United States of America, Plaintiff-appellee, v. Edgar Allen Poe, Defendant-appellant, 953 F.2d 641 (4th Cir. 1992)

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US Court of Appeals for the Fourth Circuit - 953 F.2d 641 (4th Cir. 1992) Argued Oct. 4, 1991. Decided Jan. 15, 1992

Appeal from the United States District Court for the Middle District of North Carolina, at Durham, No. CR-90-112, Frank W. Bullock, Jr., District Judge.

Argued: Michael W. Patrick, Haywood, Denny, Miller, Johnson, Sessoms & Patrick, Chapel Hill, N.C., for appellant; Michael Francis Joseph, Assistant United States Attorney, Greensboro, N.C., for appellee.

On Brief: Robert H. Edmunds, Jr., United States Attorney, James John Barresi, Third Year Law Student, Greensboro, N.C., for appellee.



Before MURNAGHAN, Circuit Judge, ROBERT R. MERHIGE, Jr., Senior United States District Judge for the Eastern District of Virginia, sitting by designation, and HENRY M. HERLONG, Jr., United States District Judge for the District of South Carolina, sitting by designation.



This is an appeal from judgment of sentence dated December 13, 1990. Appellant, Edgar Allen Poe, entered a guilty plea for possession of a firearm in violation of 18 U.S.C. § 922(g) on September 4, 1990. Appellant contends that the district court erred in sentencing him as a career offender. Under the United States Sentencing Commission, Guidelines Manual (hereinafter "Guidelines"), a determination of career offender status depends in part on the commission of a "crime of violence." We agree with the Appellant that his commission of the firearm violation did not rise to the level of a "crime of violence" and therefore sentencing him as a career offender was improper. We vacate the sentence imposed below and remand for resentencing.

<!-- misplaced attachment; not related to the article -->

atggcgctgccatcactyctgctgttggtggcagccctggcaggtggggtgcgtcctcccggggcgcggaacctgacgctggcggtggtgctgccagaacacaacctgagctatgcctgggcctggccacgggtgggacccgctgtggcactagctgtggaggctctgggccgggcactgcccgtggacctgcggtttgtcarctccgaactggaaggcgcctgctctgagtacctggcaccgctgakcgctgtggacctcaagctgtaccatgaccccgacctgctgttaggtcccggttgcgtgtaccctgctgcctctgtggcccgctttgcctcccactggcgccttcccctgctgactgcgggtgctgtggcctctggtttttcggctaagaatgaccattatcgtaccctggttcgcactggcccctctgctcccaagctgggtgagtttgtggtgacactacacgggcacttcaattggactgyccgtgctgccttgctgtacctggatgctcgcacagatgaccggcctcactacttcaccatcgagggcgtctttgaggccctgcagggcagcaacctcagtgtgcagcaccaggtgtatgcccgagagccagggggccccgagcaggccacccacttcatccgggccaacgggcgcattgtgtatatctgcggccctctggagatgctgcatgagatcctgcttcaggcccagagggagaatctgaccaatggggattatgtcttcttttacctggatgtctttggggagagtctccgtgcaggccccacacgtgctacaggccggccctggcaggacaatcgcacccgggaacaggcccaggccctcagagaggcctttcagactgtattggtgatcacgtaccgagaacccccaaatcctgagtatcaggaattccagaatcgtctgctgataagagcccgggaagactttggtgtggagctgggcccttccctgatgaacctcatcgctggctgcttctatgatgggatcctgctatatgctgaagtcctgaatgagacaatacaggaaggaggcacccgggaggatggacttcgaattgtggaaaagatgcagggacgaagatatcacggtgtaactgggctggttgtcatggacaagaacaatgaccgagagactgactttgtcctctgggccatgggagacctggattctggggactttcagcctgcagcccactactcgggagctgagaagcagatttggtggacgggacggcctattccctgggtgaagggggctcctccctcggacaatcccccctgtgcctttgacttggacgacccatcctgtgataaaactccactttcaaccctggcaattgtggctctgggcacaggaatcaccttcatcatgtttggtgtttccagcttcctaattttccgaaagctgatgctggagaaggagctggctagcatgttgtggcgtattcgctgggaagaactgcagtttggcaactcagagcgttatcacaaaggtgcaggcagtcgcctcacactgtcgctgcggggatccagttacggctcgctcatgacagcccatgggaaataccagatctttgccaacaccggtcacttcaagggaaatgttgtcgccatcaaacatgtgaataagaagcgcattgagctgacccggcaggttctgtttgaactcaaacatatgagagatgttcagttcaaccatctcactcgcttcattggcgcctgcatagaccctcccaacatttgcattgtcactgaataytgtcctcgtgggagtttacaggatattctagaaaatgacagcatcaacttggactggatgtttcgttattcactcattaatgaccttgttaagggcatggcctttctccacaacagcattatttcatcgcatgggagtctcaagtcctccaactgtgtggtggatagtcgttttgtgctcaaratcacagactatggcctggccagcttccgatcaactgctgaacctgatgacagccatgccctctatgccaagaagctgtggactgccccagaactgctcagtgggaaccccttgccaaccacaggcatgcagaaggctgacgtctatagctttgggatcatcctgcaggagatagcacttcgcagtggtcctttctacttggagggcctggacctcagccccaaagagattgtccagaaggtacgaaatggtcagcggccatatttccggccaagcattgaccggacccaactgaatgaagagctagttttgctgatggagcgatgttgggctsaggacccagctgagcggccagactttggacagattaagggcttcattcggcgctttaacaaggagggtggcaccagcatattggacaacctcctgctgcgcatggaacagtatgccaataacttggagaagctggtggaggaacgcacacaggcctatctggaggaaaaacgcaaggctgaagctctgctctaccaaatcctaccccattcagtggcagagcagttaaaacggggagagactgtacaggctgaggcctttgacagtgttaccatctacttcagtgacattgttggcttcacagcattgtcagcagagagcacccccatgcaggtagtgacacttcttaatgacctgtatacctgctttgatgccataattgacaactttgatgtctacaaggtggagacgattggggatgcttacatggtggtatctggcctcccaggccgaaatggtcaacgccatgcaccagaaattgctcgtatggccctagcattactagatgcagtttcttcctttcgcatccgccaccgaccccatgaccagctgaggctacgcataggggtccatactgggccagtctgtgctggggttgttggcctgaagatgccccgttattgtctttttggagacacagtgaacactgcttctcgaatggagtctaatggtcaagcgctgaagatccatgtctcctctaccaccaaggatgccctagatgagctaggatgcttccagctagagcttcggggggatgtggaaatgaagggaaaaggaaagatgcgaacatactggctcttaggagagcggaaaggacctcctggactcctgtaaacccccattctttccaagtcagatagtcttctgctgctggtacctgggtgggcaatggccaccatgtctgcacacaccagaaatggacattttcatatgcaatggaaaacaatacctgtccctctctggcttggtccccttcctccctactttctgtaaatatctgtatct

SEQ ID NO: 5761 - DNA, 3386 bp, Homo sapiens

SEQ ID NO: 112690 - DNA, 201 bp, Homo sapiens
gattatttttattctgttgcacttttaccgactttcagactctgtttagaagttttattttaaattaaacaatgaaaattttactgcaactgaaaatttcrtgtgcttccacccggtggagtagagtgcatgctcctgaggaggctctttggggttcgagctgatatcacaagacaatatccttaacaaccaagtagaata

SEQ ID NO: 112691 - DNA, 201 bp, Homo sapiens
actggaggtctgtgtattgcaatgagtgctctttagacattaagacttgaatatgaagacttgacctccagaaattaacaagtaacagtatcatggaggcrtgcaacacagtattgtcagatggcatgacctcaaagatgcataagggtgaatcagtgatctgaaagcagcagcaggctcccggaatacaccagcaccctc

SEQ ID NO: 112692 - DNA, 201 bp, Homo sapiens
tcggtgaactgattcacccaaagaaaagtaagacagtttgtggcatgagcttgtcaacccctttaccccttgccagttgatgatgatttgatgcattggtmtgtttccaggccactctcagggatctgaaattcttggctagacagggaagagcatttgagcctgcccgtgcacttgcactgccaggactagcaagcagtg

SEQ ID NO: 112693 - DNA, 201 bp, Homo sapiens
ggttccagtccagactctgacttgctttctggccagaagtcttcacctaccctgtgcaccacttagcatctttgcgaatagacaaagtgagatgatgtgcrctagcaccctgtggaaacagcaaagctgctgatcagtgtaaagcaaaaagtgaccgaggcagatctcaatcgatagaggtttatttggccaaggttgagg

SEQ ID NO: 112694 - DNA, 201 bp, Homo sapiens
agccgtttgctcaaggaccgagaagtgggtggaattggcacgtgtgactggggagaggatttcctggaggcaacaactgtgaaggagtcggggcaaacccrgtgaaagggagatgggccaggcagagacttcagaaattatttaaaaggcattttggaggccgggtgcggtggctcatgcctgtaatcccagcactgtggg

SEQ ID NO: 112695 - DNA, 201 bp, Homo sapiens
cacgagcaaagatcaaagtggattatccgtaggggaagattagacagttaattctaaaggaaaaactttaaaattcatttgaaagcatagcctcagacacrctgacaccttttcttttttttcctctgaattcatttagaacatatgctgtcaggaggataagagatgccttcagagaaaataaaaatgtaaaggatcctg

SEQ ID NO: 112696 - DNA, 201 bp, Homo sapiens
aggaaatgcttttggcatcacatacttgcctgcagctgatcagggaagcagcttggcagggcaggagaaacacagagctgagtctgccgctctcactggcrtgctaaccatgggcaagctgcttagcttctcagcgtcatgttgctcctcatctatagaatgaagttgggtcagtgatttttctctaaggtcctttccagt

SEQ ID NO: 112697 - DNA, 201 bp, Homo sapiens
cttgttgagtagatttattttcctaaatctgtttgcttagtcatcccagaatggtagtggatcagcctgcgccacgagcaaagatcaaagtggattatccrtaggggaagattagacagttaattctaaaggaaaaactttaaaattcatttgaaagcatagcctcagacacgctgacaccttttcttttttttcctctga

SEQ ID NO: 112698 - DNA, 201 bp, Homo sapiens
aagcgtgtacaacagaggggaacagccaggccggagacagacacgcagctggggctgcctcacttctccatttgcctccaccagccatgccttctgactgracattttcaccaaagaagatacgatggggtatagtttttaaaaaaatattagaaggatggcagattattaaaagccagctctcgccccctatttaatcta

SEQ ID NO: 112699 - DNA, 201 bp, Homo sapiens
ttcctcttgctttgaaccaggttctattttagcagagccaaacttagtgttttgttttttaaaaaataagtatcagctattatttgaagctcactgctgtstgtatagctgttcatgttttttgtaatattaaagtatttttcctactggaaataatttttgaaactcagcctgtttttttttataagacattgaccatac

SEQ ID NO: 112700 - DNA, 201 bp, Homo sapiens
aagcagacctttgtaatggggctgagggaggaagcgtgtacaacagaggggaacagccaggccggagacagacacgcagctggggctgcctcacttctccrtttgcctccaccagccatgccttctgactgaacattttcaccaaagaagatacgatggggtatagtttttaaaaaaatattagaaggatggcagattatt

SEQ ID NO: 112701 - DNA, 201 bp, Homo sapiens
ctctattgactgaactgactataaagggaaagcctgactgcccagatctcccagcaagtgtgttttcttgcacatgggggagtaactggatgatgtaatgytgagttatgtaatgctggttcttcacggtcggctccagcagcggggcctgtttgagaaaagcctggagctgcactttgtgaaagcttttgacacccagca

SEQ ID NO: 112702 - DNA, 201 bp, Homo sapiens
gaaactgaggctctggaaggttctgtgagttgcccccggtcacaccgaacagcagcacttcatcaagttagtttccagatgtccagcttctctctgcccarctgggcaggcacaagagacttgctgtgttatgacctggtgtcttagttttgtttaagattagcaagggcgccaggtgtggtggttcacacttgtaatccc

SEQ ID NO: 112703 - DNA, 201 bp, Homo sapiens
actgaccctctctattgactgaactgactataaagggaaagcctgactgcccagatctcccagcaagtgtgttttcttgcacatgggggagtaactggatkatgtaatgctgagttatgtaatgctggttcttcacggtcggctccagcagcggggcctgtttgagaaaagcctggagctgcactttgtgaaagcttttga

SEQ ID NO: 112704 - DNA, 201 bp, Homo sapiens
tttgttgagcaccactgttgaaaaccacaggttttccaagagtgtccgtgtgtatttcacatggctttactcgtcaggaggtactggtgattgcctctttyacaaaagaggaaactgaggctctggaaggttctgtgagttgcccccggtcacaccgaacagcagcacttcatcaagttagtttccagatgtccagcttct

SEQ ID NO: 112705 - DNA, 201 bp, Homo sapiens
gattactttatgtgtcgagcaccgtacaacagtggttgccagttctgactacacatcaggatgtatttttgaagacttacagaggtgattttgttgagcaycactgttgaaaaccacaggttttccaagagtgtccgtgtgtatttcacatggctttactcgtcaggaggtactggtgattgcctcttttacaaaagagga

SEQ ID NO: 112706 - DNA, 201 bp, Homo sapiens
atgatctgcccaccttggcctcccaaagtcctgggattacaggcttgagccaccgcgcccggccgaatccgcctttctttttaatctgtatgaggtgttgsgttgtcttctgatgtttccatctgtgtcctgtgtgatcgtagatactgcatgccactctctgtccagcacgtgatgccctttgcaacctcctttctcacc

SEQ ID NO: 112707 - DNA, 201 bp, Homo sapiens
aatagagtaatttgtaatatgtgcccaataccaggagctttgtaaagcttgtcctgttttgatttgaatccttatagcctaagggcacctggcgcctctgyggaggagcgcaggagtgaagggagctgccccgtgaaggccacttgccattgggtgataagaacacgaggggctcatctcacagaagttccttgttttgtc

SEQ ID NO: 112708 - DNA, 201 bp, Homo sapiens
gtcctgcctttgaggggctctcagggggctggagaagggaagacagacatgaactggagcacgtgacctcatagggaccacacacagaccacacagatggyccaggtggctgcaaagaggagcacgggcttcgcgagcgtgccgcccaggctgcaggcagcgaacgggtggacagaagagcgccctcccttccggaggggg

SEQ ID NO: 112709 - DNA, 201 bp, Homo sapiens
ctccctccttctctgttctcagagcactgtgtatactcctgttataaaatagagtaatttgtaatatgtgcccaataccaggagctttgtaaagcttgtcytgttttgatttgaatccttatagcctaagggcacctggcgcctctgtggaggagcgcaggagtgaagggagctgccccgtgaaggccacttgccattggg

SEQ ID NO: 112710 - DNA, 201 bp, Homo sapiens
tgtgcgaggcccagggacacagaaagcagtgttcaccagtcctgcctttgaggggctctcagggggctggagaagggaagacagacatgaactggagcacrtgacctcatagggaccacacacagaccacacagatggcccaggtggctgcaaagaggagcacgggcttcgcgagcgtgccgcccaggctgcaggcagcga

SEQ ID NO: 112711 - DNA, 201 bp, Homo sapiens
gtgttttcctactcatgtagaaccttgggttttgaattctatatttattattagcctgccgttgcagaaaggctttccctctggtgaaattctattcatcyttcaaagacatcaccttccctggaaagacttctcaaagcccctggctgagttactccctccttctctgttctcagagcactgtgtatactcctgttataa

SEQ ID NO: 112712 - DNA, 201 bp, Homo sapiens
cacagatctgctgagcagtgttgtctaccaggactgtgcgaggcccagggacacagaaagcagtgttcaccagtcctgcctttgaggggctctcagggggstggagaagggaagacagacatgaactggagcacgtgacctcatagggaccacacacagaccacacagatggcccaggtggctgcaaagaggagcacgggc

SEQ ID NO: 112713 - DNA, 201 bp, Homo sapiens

* Appellant's arrest for possession of a firearm by a felon on October 24, 1989 occurred while he was standing on the porch of a house known to be used for the commerce of drugs. His firearm was hidden beneath his clothing. At no time did the Appellant threaten the police or the other civilians. The prior criminal record of the Appellant includes four felony convictions and numerous misdemeanor convictions.


Because the parties do not dispute the facts at hand and the issue before the Court is a legal one involving interpretation of the Guidelines, the proper standard for appellate review is de novo. United States v. Daughtrey, 874 F.2d 213, 217 (4th Cir. 1989); United States v. Stokely, 881 F.2d 114, 116 (4th Cir. 1989).

Section 4B1.1 of the Guidelines contains the definition of career offender. It states:

A defendant is a career offender if (1) the defendant was at least eighteen years old at the time of the instant offense, (2) the instant offense of conviction is a felony that is either a crime of violence or a controlled substance offense, and (3) the defendant has at least two prior convictions of either a crime of violence or a controlled substance offense.

The Guidelines also define what constitutes a "crime of violence." The relevant portion provides that a crime is violent if "the conduct set forth in the count of which the defendant was convicted involved use of explosives or, by its nature, presented a serious potential risk of physical injury to another." U.S.S.G. § 4B1.2., comment. (n. 2).

Appellee urges the Court that possession of a firearm by a felon is per se a "crime of violence." In support of this assertion, the government relies on United States v. O'Neal, 910 F.2d 663 (9th Cir. 1990), where it was held that possession of a firearm by a felon is necessarily a "crime of violence." We, however, in this regard are not in accord with the view of our colleagues on the Ninth Circuit. See United States v. Olando Johnson, --- F.2d ---- (4th Cir. 1991) (where this Court held possession of a firearm by a felon is not per se a crime of violence).* 

The government further argues that, even absent a per se categorization, an analysis grounded in the underlying circumstances of Appellant's conduct mandates the conclusion that the Appellant's crime was one of violence. Attention to this argument is not required because this Court has recently decided that the Guidelines prescribe the categorical method. United States v. Wilson, --- F.2d ---- (4th Cir. 1991).

We conclude that the district court's determination that the Appellant committed a "crime of violence" that should lead to career offender status for sentencing purposes was improper. Accordingly, the judgment of sentence is vacated and the cause is remanded for further proceedings consistent with the foregoing.



See November 1, 1991 amendment to § 4B1.2 where Application Note 2 states unlawful possession of a firearm by a felon is not per se a crime of violence